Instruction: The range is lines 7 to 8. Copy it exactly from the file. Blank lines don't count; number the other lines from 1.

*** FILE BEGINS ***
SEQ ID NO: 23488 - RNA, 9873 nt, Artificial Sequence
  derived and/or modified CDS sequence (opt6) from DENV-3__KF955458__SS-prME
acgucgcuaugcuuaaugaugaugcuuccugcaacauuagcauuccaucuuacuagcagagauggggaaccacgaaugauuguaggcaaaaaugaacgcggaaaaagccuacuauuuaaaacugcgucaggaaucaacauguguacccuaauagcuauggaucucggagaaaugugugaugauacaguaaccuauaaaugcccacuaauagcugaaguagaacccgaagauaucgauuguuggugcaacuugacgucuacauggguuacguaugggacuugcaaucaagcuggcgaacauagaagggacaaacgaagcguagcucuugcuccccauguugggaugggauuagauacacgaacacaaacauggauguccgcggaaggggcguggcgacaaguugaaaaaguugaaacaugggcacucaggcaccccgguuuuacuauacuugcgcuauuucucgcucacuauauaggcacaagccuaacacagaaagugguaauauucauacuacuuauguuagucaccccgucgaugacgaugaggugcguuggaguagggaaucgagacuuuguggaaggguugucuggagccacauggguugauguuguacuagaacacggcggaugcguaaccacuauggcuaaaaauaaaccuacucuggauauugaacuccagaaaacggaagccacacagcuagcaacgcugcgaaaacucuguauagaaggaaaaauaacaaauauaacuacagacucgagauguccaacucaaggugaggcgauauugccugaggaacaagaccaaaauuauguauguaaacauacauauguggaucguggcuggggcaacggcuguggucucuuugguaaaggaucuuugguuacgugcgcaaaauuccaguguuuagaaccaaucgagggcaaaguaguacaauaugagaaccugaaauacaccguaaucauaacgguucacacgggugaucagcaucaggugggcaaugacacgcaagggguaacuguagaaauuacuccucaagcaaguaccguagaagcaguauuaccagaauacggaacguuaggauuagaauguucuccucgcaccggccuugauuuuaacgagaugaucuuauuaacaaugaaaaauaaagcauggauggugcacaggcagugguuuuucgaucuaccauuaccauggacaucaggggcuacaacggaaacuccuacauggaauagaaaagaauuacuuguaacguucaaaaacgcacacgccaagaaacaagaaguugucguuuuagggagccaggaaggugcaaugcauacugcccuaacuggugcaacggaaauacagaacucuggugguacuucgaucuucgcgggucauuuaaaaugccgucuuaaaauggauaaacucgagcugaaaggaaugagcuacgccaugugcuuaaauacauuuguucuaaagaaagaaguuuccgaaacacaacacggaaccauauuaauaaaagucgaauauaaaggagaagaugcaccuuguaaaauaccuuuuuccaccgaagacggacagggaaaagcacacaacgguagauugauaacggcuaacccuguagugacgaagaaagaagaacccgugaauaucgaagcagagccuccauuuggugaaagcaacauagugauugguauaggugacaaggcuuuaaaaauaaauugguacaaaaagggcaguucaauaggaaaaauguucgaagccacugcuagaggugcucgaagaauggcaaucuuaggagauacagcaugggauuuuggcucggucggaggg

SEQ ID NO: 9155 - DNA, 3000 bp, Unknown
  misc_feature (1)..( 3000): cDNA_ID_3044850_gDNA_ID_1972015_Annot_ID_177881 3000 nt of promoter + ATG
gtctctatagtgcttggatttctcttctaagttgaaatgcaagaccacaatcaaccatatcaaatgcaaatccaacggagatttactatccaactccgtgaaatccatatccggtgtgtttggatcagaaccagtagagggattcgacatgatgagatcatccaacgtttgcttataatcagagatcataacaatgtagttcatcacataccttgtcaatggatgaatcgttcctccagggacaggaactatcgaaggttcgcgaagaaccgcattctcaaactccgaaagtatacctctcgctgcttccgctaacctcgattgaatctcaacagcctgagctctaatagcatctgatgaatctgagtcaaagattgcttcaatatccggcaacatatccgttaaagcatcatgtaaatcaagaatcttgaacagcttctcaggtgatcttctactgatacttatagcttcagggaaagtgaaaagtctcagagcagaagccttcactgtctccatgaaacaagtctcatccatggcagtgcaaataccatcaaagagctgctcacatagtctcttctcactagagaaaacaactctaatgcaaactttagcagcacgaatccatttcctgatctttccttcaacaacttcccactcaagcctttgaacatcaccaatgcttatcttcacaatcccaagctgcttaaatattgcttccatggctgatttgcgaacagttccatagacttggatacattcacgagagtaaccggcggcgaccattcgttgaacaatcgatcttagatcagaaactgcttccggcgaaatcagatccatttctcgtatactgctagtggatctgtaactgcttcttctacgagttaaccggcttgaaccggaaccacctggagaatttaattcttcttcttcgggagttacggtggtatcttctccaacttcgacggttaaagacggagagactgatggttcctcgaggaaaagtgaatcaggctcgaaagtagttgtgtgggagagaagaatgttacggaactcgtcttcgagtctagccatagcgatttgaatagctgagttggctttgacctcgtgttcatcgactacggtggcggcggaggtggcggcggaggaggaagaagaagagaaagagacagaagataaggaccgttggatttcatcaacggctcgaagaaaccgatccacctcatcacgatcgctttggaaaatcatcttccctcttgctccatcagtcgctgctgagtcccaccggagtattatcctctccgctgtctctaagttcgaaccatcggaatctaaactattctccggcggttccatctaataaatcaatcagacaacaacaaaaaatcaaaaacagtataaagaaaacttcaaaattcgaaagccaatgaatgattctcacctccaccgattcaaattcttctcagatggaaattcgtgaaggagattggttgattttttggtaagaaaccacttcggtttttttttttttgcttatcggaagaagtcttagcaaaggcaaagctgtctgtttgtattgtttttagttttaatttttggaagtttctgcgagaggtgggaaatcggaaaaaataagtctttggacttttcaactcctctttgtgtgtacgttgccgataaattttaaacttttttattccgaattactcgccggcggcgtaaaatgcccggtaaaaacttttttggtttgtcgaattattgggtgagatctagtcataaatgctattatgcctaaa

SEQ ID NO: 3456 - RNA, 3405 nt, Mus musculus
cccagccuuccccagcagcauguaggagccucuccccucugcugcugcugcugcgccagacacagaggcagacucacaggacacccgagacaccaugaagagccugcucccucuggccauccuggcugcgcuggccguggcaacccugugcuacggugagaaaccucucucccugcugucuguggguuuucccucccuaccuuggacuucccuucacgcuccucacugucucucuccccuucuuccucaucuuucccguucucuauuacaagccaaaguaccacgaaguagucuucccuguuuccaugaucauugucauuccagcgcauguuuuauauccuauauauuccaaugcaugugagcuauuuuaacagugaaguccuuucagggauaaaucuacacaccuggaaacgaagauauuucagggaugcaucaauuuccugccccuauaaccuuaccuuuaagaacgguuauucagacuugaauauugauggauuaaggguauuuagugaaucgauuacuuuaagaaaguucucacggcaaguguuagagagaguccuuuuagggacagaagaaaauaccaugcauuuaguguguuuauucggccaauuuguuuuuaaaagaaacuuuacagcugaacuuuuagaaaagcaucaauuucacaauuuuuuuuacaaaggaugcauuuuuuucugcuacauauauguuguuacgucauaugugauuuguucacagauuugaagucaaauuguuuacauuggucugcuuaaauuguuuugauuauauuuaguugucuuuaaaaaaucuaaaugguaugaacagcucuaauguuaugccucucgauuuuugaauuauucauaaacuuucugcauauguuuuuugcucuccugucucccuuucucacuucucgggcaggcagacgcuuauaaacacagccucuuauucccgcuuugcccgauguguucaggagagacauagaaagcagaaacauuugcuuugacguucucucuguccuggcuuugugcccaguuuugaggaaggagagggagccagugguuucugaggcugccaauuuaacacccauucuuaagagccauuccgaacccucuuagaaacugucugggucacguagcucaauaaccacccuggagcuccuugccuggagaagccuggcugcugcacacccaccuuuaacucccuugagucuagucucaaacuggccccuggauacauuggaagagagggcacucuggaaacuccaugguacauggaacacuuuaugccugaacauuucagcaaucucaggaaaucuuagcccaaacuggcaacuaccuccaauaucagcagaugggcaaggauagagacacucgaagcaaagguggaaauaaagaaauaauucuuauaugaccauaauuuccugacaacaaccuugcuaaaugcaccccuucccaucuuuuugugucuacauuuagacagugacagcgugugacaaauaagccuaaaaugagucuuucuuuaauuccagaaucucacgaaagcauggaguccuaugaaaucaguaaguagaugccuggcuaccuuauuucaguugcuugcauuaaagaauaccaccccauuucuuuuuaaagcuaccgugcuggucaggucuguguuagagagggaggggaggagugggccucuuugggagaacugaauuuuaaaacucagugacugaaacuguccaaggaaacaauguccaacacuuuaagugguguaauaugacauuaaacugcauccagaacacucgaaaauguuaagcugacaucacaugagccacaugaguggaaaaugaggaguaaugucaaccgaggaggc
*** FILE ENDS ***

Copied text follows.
SEQ ID NO: 3456 - RNA, 3405 nt, Mus musculus
cccagccuuccccagcagcauguaggagccucuccccucugcugcugcugcugcgccagacacagaggcagacucacaggacacccgagacaccaugaagagccugcucccucuggccauccuggcugcgcuggccguggcaacccugugcuacggugagaaaccucucucccugcugucuguggguuuucccucccuaccuuggacuucccuucacgcuccucacugucucucuccccuucuuccucaucuuucccguucucuauuacaagccaaaguaccacgaaguagucuucccuguuuccaugaucauugucauuccagcgcauguuuuauauccuauauauuccaaugcaugugagcuauuuuaacagugaaguccuuucagggauaaaucuacacaccuggaaacgaagauauuucagggaugcaucaauuuccugccccuauaaccuuaccuuuaagaacgguuauucagacuugaauauugauggauuaaggguauuuagugaaucgauuacuuuaagaaaguucucacggcaaguguuagagagaguccuuuuagggacagaagaaaauaccaugcauuuaguguguuuauucggccaauuuguuuuuaaaagaaacuuuacagcugaacuuuuagaaaagcaucaauuucacaauuuuuuuuacaaaggaugcauuuuuuucugcuacauauauguuguuacgucauaugugauuuguucacagauuugaagucaaauuguuuacauuggucugcuuaaauuguuuugauuauauuuaguugucuuuaaaaaaucuaaaugguaugaacagcucuaauguuaugccucucgauuuuugaauuauucauaaacuuucugcauauguuuuuugcucuccugucucccuuucucacuucucgggcaggcagacgcuuauaaacacagccucuuauucccgcuuugcccgauguguucaggagagacauagaaagcagaaacauuugcuuugacguucucucuguccuggcuuugugcccaguuuugaggaaggagagggagccagugguuucugaggcugccaauuuaacacccauucuuaagagccauuccgaacccucuuagaaacugucugggucacguagcucaauaaccacccuggagcuccuugccuggagaagccuggcugcugcacacccaccuuuaacucccuugagucuagucucaaacuggccccuggauacauuggaagagagggcacucuggaaacuccaugguacauggaacacuuuaugccugaacauuucagcaaucucaggaaaucuuagcccaaacuggcaacuaccuccaauaucagcagaugggcaaggauagagacacucgaagcaaagguggaaauaaagaaauaauucuuauaugaccauaauuuccugacaacaaccuugcuaaaugcaccccuucccaucuuuuugugucuacauuuagacagugacagcgugugacaaauaagccuaaaaugagucuuucuuuaauuccagaaucucacgaaagcauggaguccuaugaaaucaguaaguagaugccuggcuaccuuauuucaguugcuugcauuaaagaauaccaccccauuucuuuuuaaagcuaccgugcuggucaggucuguguuagagagggaggggaggagugggccucuuugggagaacugaauuuuaaaacucagugacugaaacuguccaaggaaacaauguccaacacuuuaagugguguaauaugacauuaaacugcauccagaacacucgaaaauguuaagcugacaucacaugagccacaugaguggaaaaugaggaguaaugucaaccgaggaggc